Q: How will you generate profits?

A: This network will be profitable because there’s huge consumer demand. Last year, African Americans spent $631 billion on consumer goods, making them the 11th-largest consumer group in the world.

Our approach is to use a traditional business model, with low cost and high revenue. We’ll produce attractive programming economically and deliver to advertisers programming that they want — efficiently. We will have two revenue sources: advertising and subscriber revenue from cable-TV and satellite operators.

For the short term, our goal is to live up to the expectations of millions of African Americans out there who have been demanding a service like this. They’re expecting our programming to be excellent from day one. Our projection is that we’ll break even between the fourth and fifth year of operations, and we anticipate being profitable by our fifth year.

In addition, our long-term objective is to see how the channel can grow as part of the Radio One enterprise and help to grow Radio One Corp.

Q: What’s the biggest problem with how networks and corporations communicate news, information, and advertising to African Americans today?

A: Effectively reaching the African-American viewing audience requires more than just inserting African-American characters on a TV show. We will stay strictly and completely focused on this demographic category. What we hope to do is to create an environment by which corporations and advertisers can know exactly who they’re reaching and when they’re reaching them.

I also serve on the board of directors at Proctor & Gamble. This experience has enhanced my knowledge and understanding about creating the right marketing environment to reach African-American and Hispanic adults — the two largest areas of population growth in the country. We’ll be creating a look and feel that will make us a comfortable place for African-American viewers. Ads must be presented in an environment that reflects the tone and values of who we, as African Americans, are as a people.

Q: How about other corporations? What are the most important things that companies can do to communicate effectively with African-American viewers?

A: More consumer research needs to be done on the African-American community. You have to find out what people think and what their attitudes and preferences truly are.

Also, businesses need to understand that black people in America have a different perspective based on the fact that “all men are created equal” didn’t apply to us for a major portion of our country’s history. This comes from our experience as a people with everything from slavery to racial discrimination to everything else in society that has separated African Americans from the mainstream population.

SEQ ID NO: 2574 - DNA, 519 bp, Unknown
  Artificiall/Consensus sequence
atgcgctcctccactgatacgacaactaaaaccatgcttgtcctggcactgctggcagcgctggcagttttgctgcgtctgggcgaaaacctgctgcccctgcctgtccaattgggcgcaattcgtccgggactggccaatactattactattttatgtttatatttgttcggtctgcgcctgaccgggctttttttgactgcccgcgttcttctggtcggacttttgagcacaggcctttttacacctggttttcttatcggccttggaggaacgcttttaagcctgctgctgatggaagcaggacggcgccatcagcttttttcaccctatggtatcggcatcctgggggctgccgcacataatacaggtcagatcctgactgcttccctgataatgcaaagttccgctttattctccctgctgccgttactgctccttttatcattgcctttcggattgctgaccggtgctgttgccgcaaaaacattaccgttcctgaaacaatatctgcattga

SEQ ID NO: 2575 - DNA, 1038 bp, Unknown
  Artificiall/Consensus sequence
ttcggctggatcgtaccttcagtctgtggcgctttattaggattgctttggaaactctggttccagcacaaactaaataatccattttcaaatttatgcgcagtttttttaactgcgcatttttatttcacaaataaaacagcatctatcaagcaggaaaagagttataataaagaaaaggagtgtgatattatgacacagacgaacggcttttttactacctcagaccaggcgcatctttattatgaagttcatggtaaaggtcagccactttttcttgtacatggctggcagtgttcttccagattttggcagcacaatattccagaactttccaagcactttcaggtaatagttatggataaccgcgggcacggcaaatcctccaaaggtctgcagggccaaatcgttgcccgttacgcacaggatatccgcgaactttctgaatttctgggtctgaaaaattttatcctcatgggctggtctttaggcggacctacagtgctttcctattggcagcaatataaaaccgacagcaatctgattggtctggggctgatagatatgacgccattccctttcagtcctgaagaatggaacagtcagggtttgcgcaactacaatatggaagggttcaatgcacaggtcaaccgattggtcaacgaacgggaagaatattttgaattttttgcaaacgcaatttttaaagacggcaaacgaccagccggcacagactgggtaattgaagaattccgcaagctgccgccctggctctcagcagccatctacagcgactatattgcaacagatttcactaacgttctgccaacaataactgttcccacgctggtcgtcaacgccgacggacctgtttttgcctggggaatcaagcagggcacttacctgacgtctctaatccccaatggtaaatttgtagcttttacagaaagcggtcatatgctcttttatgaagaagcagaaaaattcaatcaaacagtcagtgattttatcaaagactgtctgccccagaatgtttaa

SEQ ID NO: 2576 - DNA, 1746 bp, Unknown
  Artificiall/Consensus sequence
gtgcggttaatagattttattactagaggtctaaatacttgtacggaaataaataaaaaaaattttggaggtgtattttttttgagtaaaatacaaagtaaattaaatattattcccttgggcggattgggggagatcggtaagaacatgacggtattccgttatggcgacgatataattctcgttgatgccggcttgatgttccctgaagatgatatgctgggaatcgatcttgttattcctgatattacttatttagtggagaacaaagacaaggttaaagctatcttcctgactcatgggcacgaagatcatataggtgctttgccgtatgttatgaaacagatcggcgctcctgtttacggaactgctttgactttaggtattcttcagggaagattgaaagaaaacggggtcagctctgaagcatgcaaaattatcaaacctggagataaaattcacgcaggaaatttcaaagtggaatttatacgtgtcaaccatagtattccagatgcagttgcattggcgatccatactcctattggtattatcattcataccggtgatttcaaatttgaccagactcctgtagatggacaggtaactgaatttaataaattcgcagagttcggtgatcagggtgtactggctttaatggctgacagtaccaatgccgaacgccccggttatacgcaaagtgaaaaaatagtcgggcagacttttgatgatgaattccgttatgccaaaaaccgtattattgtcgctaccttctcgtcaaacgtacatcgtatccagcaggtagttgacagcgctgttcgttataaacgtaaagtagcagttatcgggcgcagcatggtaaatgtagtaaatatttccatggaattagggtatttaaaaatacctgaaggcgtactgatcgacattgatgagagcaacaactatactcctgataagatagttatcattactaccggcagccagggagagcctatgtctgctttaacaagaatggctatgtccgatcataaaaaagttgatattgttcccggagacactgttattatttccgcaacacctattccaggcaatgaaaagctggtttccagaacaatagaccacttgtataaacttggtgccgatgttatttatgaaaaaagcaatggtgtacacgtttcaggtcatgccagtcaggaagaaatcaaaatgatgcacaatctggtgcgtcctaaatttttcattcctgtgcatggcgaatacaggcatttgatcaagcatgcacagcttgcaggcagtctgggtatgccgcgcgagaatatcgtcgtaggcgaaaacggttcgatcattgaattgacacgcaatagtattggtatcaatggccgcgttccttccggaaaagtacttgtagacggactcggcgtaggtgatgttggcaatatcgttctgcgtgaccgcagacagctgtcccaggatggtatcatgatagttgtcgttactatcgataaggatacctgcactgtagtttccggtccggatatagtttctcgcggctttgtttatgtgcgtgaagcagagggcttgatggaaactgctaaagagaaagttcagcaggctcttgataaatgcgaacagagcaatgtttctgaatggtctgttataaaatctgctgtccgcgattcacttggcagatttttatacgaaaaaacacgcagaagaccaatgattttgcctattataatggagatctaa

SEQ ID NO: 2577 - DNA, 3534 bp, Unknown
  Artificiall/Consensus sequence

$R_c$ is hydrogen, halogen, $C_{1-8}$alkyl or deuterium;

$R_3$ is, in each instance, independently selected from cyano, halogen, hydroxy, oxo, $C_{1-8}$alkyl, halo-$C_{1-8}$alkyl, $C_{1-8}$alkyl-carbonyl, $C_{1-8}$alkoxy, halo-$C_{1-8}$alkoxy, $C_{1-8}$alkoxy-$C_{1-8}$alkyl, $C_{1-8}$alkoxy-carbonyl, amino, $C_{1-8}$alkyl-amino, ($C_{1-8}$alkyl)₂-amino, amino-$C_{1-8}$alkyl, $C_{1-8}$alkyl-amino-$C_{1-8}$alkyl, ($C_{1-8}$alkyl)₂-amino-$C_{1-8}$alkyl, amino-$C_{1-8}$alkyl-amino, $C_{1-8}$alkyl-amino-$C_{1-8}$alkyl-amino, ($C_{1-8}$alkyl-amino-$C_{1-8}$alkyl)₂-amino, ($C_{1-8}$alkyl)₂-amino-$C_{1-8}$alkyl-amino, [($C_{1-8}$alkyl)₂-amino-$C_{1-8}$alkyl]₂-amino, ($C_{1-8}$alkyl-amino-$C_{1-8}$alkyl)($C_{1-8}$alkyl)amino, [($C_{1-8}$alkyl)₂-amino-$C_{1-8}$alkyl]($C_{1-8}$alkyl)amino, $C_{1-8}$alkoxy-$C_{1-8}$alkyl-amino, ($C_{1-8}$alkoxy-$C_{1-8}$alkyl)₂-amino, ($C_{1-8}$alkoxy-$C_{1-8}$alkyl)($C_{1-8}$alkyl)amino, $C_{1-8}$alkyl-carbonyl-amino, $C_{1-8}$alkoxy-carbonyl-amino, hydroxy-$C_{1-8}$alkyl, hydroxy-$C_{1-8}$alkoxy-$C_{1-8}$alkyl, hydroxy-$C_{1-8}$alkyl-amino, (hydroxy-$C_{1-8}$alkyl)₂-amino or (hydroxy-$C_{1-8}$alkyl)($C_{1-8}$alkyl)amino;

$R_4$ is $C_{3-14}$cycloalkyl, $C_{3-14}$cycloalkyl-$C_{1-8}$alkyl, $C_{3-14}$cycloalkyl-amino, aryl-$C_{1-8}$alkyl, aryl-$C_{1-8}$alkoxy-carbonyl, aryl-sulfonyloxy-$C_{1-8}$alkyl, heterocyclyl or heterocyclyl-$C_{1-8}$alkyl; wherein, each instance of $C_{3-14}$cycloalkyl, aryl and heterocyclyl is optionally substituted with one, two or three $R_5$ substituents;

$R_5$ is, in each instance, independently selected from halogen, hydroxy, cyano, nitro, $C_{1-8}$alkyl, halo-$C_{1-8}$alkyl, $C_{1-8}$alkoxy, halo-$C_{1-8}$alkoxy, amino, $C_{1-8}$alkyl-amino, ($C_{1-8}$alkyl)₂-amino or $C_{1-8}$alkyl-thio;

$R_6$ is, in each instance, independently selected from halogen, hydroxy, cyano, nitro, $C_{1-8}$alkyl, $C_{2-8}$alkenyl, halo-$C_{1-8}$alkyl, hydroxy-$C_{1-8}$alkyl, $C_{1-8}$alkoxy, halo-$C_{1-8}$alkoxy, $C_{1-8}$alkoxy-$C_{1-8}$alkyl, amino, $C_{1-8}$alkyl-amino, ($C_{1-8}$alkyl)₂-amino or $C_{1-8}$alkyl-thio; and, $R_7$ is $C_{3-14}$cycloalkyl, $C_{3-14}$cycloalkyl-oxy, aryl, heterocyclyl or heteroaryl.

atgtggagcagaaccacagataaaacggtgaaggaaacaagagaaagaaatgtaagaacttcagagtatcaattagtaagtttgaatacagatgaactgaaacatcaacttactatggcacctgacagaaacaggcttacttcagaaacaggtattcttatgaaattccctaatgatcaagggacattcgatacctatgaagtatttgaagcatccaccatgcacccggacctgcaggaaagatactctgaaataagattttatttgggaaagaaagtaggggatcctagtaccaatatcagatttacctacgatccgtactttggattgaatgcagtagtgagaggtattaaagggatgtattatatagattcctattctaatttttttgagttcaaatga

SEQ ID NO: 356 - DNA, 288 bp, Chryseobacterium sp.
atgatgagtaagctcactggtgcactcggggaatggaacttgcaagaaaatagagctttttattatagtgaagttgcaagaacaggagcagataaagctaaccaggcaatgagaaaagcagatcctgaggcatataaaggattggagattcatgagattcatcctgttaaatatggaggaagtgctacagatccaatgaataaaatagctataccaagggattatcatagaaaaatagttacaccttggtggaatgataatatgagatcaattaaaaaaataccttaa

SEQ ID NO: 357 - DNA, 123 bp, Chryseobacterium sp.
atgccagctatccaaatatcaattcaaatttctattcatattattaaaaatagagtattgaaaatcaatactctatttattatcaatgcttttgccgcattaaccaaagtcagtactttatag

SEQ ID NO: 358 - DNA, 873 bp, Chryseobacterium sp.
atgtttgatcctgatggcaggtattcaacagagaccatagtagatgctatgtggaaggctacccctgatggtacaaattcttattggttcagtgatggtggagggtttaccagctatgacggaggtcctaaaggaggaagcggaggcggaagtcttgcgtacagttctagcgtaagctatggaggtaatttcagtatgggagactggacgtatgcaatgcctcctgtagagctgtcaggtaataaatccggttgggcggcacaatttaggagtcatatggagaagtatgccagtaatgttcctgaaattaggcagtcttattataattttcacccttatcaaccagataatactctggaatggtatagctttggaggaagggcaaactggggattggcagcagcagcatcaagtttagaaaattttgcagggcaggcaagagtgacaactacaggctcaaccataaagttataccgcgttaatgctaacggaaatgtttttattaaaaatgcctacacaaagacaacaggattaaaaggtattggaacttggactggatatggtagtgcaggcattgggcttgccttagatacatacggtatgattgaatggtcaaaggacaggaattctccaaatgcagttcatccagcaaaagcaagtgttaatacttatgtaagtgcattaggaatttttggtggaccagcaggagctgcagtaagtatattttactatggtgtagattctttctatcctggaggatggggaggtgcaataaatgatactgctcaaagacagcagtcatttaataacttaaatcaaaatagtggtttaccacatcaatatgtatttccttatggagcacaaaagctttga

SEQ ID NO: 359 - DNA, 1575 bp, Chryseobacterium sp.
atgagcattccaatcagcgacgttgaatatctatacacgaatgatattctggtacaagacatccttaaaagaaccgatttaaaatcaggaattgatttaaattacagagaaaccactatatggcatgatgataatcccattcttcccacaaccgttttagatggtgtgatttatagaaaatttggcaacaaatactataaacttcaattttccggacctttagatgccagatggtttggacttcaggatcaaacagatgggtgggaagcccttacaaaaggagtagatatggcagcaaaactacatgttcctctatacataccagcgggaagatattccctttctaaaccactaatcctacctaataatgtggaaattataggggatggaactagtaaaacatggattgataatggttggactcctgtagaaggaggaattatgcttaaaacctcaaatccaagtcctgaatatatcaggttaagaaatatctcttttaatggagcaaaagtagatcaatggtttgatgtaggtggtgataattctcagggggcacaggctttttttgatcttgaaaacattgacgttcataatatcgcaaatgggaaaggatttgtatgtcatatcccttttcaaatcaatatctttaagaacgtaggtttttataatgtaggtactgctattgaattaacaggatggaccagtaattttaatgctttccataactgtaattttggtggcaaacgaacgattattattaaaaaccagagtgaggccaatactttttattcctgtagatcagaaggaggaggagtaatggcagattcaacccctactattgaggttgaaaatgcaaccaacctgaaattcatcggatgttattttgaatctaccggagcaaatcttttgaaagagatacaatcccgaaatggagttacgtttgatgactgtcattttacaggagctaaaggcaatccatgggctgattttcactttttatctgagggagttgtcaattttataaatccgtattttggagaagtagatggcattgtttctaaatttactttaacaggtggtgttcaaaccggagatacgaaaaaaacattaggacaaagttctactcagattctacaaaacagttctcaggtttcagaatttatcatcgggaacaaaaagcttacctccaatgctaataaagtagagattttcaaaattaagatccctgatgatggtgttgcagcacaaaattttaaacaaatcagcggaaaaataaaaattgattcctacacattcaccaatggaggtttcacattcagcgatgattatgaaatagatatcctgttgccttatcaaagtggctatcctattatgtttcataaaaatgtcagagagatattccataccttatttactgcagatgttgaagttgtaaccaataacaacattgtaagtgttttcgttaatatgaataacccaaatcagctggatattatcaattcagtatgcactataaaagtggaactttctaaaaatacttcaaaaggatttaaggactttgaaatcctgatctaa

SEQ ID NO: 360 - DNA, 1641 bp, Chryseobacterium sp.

Corporations must assign diversified workforces to design marketing campaigns targeted toward African Americans and other ethnic groups. General market approaches do not necessarily work with minority audiences.

Q: How about comparisons between TV One and other networks, such as Telefutura, Telemundo, Univision, and CBS?

A: The revenue structures between network television and cable television are different. Network-television broadcasters are focused on reaching as broad a swath of the American population as possible. If African Americans come into their flow, that’s fine. [In that sense] we hope to have the same entertainment values as CBS’s target audience.

One of the beauties of cable television is that it’s a focused, targeted medium. Nickelodeon goes after kids. ESPN goes after sports. TV One goes after African-American adults. Our programming fits in the cable spectrum.

Q: How will you be judged?

A: I will be judged like any other CEO — on my ability to accomplish the task. There was no time to stop and learn the job. I have learned about the needs and preferences of the African-American community over my entire life and how to program and run a TV channel from over 30 years experience in television and print journalism.

The two most important lessons I learned from my television experience is to build programming to attract an audience and to create an advertising environment that advertisers find the most beneficial. These are the two most critical objectives I bear in mind as I build everything else.